Kevin B., you crack me up! Football, hockey, and boxing are just plain too dangerous for kids' brains. The aftereffects can last a lifetime and can cause pain and suffering years later. I don't want to put my kid in a bubble, but I don't want to send him into an arena where frequent injuries are commonplace, either.

8:29AM PDT on Sep 30, 2012

AMEN! football is dangerous and pointless! there are so many other sports out there that kids can play and enjoy, football doesn't have to be one of them.

12:39PM PDT on Sep 25, 2012

Kids' brains don't need football? How about their bodies? I have a good friend who has suffered severe back pain since his early teens due to an injury received in a supervised school team football game. For my brother-in-law, it's a hip. Of the 5 adult men I have know best for the past 40 years, 3 played football and 2 receiving lasting injury from doing so. Not very good odds.

The fun to be had and the lessons to be learned from playing team sports (and I'm all for these, by the way) can be had in sports less likely to cause permanent injury. Bashes and bang-ups and even broken bones can be the result of all kinds of kids' play, but football seems to hold the record for serious injuries with lasting consequences.

4:48PM PDT on Sep 23, 2012

You either let them learn sports, where the injuries can be controlled and reduced, or you have the overprotected little (censored) shooting, beating, knifing, or otherwise killing each other because they haven't been taught that a supervised fight is a better way. Switch the early football runs to flag or touch, but don't do away with good sports! Dealing with competition in a civilised productive manner instead of outright war is too important!

1:07PM PDT on Sep 23, 2012

Hey I played football in high school and college and I don't have any problems. You people are just a bunch a minute...what were we talking about?

7:44AM PDT on Sep 23, 2012

Thank you for sharing.

3:38AM PDT on Sep 23, 2012

It's like the ancient Roman gladiatorial games. One expects victims. Then of course they can be contemptuously looked down upon by Romney.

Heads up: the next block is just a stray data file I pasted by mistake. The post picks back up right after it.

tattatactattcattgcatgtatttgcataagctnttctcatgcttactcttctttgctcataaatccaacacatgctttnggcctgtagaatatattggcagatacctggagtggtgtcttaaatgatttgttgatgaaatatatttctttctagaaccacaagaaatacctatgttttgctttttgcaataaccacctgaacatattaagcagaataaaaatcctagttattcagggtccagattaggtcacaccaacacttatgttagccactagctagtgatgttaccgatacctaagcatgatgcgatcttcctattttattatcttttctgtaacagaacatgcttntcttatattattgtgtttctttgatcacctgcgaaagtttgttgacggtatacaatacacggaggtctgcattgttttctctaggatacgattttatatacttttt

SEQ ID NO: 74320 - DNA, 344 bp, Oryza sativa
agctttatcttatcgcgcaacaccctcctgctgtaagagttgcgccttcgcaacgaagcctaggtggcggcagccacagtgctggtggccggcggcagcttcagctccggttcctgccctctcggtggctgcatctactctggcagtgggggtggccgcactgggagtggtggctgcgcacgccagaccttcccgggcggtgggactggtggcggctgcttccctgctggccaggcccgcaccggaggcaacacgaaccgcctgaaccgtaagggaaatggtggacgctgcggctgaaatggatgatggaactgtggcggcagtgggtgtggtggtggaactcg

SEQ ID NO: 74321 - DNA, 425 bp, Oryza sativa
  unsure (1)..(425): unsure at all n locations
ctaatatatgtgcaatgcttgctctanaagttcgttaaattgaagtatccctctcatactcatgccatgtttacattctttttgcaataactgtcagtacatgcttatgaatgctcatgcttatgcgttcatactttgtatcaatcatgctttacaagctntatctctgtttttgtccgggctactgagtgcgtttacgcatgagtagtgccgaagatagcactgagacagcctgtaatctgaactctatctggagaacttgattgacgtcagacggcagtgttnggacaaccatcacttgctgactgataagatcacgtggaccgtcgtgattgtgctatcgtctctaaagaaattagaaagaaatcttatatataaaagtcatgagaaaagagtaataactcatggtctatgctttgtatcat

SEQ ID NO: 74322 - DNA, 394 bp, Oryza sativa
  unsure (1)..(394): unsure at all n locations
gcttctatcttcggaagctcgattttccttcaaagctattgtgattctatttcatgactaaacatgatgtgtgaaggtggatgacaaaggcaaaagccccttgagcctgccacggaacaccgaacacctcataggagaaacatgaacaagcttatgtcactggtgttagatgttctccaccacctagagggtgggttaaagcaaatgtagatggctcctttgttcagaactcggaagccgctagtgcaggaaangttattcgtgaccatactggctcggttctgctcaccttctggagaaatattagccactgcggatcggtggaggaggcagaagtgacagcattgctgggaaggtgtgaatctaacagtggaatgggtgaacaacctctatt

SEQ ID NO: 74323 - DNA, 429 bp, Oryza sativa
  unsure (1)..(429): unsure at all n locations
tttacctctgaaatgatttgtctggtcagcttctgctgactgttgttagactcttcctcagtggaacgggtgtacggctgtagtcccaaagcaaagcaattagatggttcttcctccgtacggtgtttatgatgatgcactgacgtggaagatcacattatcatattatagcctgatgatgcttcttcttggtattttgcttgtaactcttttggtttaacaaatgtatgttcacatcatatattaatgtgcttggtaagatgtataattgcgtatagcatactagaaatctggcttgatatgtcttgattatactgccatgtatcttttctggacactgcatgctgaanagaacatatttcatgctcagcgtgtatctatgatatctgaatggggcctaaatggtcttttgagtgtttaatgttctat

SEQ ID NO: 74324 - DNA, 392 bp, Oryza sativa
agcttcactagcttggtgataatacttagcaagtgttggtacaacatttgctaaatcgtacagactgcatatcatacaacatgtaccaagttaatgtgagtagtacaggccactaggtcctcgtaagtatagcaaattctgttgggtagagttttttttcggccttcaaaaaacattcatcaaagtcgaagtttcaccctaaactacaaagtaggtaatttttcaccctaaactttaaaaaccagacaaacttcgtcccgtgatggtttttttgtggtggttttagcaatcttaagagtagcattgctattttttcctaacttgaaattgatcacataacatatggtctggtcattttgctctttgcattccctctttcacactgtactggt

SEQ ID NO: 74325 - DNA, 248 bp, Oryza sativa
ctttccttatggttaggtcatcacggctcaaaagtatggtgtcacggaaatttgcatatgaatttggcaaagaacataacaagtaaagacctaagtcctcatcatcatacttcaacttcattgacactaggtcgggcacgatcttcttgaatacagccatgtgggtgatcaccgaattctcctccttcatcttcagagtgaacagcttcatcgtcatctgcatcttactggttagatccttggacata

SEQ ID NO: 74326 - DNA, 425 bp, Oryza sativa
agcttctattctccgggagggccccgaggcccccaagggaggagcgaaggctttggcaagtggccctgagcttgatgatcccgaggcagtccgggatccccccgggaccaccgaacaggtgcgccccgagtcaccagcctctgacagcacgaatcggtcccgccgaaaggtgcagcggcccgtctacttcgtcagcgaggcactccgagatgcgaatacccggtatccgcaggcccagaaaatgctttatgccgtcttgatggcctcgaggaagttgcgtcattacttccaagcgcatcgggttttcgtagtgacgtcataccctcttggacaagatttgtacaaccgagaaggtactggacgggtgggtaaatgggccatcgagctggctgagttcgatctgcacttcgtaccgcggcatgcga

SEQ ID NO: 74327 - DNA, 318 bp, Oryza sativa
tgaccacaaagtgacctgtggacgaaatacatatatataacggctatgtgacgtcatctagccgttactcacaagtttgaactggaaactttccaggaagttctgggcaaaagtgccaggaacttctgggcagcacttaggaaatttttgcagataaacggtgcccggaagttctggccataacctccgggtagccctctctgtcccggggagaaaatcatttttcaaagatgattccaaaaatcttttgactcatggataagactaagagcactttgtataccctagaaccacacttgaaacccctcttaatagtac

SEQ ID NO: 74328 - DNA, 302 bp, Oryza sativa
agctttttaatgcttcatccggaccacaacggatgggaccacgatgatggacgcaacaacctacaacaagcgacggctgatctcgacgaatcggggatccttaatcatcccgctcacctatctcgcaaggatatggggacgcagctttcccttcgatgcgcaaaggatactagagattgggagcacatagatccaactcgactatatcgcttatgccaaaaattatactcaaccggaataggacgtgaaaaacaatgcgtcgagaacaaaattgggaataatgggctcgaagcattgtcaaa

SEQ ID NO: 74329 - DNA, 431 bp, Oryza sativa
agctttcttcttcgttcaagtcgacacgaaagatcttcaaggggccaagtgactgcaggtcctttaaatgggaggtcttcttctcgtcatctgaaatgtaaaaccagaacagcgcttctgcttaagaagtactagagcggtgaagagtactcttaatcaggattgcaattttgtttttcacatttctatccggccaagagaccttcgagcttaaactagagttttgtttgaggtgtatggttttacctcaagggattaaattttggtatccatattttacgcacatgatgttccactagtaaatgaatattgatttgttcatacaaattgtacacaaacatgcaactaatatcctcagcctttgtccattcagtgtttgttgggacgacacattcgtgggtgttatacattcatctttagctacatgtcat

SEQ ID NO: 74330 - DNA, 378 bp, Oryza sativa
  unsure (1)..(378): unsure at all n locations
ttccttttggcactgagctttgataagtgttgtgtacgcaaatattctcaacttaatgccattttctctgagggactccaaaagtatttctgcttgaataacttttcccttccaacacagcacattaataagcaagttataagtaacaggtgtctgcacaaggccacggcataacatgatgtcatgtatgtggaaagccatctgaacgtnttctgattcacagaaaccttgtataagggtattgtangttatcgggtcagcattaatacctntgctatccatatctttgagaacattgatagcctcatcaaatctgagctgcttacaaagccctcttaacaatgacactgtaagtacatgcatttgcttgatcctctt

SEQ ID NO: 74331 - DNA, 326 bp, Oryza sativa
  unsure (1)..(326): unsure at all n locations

10:24PM PDT on Sep 22, 2012

The next sport that needs attention is soccer. I have a niece who plays on two teams--one private and one at her middle school. She is currently suffering from a concussion resulting from a soccer ball slamming her in the head. It was kicked by her coach! Her grandma was struck in the face by a stray soccer ball at one of her games and suffered a broken nose with permanent damage. The human brain is not fully developed until age 18 or thereabouts. We don't know the full extent of damage caused by head trauma to our children, but it's a "no-brainer" (pardon the pun) that it has the potential to steal their lives, health and futures. We need to examine the coaching, culture, laws, ethics, industry, institutions, equipment, rules, incentives and financial motives at work in youngsters' athletic programs and then resolve to support medical research, technological development, education, regulation, standardization of medical care and anything else necessary to achieve maximum protection of our athletes......beginning with our precious child athletes.

10:13PM PDT on Sep 22, 2012

My brother played football in high school and suffered a severe neurological injury to his neck. Not having been taught how to tackle to avoid injury, he tackled a player but in the process hit the player in the hip with the top of his head. He was temporarilly knocked out, but due to the neck injury, was blind for hours and would sporadically go blind for short periods over the next few days, the right side of his body is permanently insensate, he had to start wearing glasses, and his physical response time was significantly lengthened. Thankfully, he gave up football, however, he did play Lacrosse in college; what are you going to do? When it was time that my son might play a sport, in school, I was so glad that he never wanted to play football (or any other organized sport).

9:36PM PDT on Sep 22, 2012

American football and hockey are barbaric and shouldn't even be called "sports". Thanks Kristina for the informative article.